Animal House Review

America is a strange and violent land full of teens who think they can drink and drink that barely has alcohol in it. No such comments are made on that in Animal House, a time where drinking was a side order of stirring degeneracy rather than something that could cause it. How the times have changed. John Landis directs this frat comedy with a grand understanding not just of what makes the frat party a place for wild partygoing antics but engages with the National Lampoon caricatures and the shtick they provided audiences for decades. These are the party boys and the snooty sororities that looked down on the fun attitudes of the time. But did they exist? Probably not.

That is the fun of Animal House. Its stereotypes of college boys and rich girls are so misplaced they provide the real, underlying comedy. A hardhat biker is one thing, but one that arrives to a house party by crashing his motorbike through the door and riding it up the stairs is the next level. It is going beyond and the risk provides a rewarding experience for Landis and his crew. They elevate themselves far beyond the usual coming-of-age feature by having no real stake in the genre. Characters on the cusp of adulthood do surprisingly little to set themselves up for their future and there is an endearing layer to that and the unlikely protagonists at the heart of this National Lampooning. John Belushi leads that charge with an expectedly memorable performance, but Stephen Furst and Tom Hulce provide some equally important roles.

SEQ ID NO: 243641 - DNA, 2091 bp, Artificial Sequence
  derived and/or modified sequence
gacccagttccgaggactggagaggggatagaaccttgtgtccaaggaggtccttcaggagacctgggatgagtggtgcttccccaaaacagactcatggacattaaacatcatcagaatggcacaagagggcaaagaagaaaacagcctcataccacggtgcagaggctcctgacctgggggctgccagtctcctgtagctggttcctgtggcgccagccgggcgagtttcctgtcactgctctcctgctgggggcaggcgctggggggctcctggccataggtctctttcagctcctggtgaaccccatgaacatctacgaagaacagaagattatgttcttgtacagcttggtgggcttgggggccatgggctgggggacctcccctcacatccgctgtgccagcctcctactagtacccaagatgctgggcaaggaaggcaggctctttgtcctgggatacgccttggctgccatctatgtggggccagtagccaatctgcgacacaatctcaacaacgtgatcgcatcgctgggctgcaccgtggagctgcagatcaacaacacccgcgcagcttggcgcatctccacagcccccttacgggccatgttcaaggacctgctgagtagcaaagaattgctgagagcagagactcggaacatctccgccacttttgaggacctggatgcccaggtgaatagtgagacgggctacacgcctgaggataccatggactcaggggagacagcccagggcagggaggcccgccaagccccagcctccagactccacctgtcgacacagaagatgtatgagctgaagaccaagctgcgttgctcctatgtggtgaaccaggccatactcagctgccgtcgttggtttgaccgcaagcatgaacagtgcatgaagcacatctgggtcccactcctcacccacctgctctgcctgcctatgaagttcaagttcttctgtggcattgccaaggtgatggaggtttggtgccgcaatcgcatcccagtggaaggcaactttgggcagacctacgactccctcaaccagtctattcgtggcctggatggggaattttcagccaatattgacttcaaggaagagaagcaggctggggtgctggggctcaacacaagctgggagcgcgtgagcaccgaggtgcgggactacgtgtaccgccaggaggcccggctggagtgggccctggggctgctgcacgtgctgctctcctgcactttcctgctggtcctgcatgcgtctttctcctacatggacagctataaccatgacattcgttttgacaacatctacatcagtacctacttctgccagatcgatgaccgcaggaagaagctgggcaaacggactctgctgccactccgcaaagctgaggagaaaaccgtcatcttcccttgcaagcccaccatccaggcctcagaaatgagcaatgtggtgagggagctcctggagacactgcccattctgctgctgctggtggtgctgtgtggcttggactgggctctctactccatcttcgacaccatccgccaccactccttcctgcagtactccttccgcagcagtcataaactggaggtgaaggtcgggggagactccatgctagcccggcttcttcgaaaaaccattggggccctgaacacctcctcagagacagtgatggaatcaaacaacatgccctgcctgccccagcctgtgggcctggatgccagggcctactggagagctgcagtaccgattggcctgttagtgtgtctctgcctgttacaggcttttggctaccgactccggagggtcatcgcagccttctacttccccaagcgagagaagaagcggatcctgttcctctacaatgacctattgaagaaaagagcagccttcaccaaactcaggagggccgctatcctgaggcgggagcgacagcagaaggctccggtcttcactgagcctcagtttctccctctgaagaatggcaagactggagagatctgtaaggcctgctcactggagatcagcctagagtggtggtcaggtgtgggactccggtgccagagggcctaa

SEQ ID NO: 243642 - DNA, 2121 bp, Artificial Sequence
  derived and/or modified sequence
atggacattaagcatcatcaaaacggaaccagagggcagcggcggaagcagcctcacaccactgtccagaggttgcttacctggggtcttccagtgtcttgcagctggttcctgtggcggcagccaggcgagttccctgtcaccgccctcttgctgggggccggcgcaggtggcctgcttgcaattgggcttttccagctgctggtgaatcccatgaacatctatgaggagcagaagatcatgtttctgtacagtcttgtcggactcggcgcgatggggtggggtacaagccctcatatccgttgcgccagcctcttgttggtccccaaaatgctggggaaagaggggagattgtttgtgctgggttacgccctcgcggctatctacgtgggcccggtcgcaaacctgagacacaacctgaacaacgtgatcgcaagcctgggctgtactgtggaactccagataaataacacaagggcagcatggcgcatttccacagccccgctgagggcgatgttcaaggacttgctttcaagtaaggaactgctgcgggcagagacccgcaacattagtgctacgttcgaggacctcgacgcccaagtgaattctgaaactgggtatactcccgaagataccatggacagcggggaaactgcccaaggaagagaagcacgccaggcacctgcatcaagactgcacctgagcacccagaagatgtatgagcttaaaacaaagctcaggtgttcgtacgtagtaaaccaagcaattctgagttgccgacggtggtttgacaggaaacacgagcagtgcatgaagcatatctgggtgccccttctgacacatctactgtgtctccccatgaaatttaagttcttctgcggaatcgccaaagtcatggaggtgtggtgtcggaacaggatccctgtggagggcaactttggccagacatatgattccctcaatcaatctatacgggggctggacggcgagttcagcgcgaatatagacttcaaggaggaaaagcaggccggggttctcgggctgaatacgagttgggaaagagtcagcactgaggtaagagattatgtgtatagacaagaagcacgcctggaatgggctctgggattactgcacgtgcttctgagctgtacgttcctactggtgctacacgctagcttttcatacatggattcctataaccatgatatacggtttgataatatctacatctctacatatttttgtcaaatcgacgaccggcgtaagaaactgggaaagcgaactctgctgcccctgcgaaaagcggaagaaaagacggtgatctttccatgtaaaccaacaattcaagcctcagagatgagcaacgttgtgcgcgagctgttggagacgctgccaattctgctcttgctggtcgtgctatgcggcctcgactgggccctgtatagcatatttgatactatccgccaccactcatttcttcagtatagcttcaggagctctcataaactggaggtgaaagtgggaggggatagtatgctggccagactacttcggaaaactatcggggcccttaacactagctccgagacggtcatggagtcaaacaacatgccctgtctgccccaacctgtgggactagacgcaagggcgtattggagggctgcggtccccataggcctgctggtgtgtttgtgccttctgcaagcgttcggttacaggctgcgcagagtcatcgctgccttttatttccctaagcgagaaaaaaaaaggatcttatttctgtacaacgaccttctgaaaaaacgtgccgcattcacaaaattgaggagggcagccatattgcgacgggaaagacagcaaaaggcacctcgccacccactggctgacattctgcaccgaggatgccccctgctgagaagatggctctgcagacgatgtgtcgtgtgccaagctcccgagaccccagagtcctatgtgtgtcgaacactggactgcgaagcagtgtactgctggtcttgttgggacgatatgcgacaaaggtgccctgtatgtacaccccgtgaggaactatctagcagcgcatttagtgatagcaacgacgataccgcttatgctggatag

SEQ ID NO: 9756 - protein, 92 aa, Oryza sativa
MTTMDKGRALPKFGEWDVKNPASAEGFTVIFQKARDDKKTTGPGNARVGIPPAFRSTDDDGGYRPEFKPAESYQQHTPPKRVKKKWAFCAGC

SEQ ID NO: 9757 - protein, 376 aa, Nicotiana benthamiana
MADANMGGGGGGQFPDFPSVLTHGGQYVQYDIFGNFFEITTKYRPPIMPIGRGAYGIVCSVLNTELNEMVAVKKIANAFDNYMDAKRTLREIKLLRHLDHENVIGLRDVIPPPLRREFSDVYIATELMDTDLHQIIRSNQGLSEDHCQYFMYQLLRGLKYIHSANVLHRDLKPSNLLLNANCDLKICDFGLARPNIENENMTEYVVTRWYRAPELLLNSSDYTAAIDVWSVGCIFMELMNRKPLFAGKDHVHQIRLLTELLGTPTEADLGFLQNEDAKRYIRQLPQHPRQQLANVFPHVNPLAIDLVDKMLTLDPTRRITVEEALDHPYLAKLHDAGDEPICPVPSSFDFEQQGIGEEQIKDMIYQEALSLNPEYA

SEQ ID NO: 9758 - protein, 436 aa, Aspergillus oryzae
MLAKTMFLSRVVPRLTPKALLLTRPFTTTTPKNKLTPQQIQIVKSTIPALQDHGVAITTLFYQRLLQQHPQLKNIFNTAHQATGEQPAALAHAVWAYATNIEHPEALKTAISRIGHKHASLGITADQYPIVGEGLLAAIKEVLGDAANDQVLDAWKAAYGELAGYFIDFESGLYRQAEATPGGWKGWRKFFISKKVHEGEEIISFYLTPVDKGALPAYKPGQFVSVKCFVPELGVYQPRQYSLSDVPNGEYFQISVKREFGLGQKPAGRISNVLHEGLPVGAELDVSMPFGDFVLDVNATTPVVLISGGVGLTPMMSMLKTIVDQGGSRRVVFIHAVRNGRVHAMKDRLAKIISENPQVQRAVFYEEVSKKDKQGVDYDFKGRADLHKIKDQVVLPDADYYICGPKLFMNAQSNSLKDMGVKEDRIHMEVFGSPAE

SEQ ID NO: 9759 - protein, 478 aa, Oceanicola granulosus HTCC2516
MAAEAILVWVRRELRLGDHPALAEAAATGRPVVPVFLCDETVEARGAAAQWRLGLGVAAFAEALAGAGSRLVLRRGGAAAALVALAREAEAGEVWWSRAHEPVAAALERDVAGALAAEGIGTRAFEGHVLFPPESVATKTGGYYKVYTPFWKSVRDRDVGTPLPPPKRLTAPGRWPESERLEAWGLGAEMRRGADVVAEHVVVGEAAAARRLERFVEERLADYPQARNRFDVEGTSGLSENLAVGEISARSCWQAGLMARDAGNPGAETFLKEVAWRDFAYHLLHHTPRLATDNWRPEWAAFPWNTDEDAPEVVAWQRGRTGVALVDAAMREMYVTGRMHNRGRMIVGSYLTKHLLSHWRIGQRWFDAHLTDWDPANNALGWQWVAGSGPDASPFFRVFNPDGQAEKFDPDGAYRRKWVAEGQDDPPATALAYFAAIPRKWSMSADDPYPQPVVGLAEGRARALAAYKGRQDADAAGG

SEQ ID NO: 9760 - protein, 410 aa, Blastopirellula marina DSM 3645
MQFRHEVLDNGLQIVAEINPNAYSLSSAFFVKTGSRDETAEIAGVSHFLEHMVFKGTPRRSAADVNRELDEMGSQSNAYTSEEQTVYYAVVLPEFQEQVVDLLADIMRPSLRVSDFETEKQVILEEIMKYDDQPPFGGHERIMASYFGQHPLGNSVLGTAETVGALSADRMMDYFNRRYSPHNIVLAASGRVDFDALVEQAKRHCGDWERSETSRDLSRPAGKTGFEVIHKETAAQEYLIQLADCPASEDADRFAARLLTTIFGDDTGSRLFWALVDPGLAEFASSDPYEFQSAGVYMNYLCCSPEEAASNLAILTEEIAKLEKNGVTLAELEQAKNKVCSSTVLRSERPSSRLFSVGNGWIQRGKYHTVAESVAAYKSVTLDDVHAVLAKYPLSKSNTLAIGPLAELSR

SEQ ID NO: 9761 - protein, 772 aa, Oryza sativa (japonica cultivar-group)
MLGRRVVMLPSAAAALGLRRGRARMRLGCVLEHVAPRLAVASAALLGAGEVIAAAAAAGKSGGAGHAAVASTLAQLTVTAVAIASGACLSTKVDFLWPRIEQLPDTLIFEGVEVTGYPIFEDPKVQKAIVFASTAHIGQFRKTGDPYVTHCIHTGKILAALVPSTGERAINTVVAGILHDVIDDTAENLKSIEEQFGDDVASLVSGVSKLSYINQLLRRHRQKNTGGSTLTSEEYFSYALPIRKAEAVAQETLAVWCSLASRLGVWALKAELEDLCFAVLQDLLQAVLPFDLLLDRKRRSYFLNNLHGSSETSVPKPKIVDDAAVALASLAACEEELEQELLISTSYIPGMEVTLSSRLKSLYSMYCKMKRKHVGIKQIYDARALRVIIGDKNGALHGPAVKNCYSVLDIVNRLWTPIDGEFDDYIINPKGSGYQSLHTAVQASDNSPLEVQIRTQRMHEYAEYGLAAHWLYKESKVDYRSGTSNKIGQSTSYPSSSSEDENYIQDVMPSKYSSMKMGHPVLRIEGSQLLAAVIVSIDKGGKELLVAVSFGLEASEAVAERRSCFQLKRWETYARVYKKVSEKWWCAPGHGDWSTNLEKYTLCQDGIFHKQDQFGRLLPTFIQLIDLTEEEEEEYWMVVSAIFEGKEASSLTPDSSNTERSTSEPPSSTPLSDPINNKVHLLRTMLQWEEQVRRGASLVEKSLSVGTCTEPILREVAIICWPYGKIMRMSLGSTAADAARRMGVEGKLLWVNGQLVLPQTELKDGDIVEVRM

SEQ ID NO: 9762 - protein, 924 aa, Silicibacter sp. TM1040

While they may blur together, they do so with the justification of prodding the norms of the time. Anarchy does not quite reign as the halls of these college students are still adorned with the gross-out humour that aged so poorly, but beyond that is a nice variety of sight gags that feel akin to Airplane!, some witty dialogue that strikes up some interesting call-backs and foreshadowing scenes and a grand variety of takedowns on the tropes of the time. Kevin Bacon shows up for one or two brief moments, but his encapsulation of the upper-class frat boy with his bright sweater vests and shirts is just the right time to give audiences something to rally against.

Joyful acts of punk rebellion spilling onto the screen in engaging set pieces and wild antics of a strange bunch of bastards and outsiders. Animal House has a great many jokes that still hold up today, whether it is the destruction of slapstick or the witty lines that poke through from time to time with recurring brilliance. Belushi and company do well to get up in arms for a generation they were no longer part of, and the beauty of Animal House is that it establishes the anti-establishment necessities of knowing you don’t need to succeed in education to succeed in life. That is a reassuring message for those that need it, and it is carried out effectively and hilariously at times throughout the spotty brilliance of Animal House.

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